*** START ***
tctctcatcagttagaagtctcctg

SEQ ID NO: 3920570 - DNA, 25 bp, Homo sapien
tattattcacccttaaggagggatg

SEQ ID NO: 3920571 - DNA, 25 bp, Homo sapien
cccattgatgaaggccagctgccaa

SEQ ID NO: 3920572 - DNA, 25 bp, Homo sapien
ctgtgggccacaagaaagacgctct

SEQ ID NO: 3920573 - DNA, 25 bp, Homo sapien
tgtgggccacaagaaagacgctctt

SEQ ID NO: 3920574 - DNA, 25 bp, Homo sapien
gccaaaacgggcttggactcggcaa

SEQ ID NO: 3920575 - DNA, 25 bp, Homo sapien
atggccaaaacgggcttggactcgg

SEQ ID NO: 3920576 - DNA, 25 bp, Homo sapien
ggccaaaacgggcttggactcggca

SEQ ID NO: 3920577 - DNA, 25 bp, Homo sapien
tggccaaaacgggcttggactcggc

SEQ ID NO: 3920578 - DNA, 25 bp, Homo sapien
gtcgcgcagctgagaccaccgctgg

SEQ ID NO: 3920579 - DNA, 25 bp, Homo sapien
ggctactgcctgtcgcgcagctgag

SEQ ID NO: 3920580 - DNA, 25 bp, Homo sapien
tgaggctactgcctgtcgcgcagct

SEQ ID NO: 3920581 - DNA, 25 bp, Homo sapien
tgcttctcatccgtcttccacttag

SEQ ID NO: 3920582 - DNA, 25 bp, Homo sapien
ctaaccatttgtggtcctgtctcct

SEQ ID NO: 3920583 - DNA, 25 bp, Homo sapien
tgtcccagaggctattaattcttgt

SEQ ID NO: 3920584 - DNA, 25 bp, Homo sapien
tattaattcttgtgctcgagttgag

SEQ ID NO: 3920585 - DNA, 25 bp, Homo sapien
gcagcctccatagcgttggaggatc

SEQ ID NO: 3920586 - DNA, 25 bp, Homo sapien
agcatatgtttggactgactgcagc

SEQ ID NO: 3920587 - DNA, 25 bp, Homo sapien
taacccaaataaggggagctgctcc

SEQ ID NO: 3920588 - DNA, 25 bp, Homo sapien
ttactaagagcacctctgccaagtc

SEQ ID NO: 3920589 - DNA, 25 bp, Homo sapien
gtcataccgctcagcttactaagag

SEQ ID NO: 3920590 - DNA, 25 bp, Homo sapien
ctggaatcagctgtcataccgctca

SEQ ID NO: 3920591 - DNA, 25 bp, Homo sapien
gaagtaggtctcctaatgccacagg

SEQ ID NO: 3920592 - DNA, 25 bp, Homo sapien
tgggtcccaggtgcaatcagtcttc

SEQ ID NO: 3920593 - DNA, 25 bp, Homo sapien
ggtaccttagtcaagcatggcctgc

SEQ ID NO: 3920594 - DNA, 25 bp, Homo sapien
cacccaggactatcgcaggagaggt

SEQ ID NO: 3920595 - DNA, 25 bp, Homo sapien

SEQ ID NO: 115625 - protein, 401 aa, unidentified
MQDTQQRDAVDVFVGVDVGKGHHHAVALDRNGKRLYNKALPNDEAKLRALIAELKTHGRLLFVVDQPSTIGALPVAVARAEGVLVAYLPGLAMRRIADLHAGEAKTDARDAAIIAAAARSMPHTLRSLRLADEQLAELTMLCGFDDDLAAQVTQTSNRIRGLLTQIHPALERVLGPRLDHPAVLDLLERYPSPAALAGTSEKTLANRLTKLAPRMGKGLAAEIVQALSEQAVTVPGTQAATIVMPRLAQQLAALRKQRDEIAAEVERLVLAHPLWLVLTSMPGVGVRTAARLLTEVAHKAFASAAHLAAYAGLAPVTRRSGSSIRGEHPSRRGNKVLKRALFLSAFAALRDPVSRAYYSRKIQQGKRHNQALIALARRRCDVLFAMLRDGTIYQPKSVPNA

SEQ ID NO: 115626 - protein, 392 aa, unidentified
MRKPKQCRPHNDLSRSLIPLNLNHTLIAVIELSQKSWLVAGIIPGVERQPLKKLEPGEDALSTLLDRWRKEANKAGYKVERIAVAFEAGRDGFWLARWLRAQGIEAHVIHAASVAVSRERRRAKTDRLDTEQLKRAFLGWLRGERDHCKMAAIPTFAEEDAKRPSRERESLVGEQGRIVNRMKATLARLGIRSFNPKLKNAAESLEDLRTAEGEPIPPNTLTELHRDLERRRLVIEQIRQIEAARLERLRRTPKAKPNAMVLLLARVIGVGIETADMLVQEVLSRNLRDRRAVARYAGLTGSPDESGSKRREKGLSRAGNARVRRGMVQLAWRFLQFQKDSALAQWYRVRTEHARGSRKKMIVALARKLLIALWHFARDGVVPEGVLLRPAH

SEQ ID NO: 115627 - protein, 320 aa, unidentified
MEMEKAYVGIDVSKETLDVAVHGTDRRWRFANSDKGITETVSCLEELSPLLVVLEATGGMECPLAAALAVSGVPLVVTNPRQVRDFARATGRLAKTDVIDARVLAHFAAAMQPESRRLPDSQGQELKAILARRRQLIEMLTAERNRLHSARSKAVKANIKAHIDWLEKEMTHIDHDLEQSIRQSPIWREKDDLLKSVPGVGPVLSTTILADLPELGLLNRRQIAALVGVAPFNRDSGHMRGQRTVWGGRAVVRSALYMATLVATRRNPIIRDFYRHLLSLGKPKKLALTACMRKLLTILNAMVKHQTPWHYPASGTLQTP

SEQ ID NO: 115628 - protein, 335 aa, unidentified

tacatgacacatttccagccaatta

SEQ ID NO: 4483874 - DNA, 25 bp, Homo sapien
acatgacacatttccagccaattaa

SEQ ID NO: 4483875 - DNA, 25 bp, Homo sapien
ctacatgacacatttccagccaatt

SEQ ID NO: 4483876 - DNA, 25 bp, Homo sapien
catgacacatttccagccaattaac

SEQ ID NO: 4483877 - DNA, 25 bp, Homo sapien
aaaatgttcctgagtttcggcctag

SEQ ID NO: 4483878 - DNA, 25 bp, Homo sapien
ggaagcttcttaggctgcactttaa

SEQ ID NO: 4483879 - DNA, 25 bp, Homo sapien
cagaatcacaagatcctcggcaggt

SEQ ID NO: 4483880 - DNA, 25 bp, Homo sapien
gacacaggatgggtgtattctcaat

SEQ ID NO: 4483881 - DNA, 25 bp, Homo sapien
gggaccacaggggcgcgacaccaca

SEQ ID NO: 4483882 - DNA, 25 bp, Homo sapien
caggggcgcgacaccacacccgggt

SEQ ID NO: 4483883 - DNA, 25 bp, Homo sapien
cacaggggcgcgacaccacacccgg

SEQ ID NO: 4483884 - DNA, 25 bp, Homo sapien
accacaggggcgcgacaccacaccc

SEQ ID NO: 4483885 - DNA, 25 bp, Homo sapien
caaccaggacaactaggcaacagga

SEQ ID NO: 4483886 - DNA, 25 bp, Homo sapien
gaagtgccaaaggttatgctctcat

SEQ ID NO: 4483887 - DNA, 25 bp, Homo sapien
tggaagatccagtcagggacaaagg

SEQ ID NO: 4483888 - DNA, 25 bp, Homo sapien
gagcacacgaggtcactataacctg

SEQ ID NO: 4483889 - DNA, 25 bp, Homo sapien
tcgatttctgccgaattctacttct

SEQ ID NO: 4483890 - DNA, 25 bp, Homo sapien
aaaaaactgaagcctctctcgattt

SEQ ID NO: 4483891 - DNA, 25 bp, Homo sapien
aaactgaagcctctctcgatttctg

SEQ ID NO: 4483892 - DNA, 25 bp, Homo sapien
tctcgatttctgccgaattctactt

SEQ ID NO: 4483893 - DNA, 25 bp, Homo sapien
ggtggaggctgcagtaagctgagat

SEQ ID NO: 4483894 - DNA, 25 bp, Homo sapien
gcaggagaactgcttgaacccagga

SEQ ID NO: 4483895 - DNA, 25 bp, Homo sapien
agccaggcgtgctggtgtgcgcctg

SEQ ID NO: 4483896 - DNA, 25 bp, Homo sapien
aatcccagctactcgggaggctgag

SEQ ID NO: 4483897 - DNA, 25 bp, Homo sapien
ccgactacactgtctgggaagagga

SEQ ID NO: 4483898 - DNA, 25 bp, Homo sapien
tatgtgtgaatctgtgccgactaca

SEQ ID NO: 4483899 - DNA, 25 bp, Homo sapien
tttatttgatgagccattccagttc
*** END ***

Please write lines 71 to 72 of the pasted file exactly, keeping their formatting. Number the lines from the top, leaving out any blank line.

SEQ ID NO: 4483879 - DNA, 25 bp, Homo sapien
cagaatcacaagatcctcggcaggt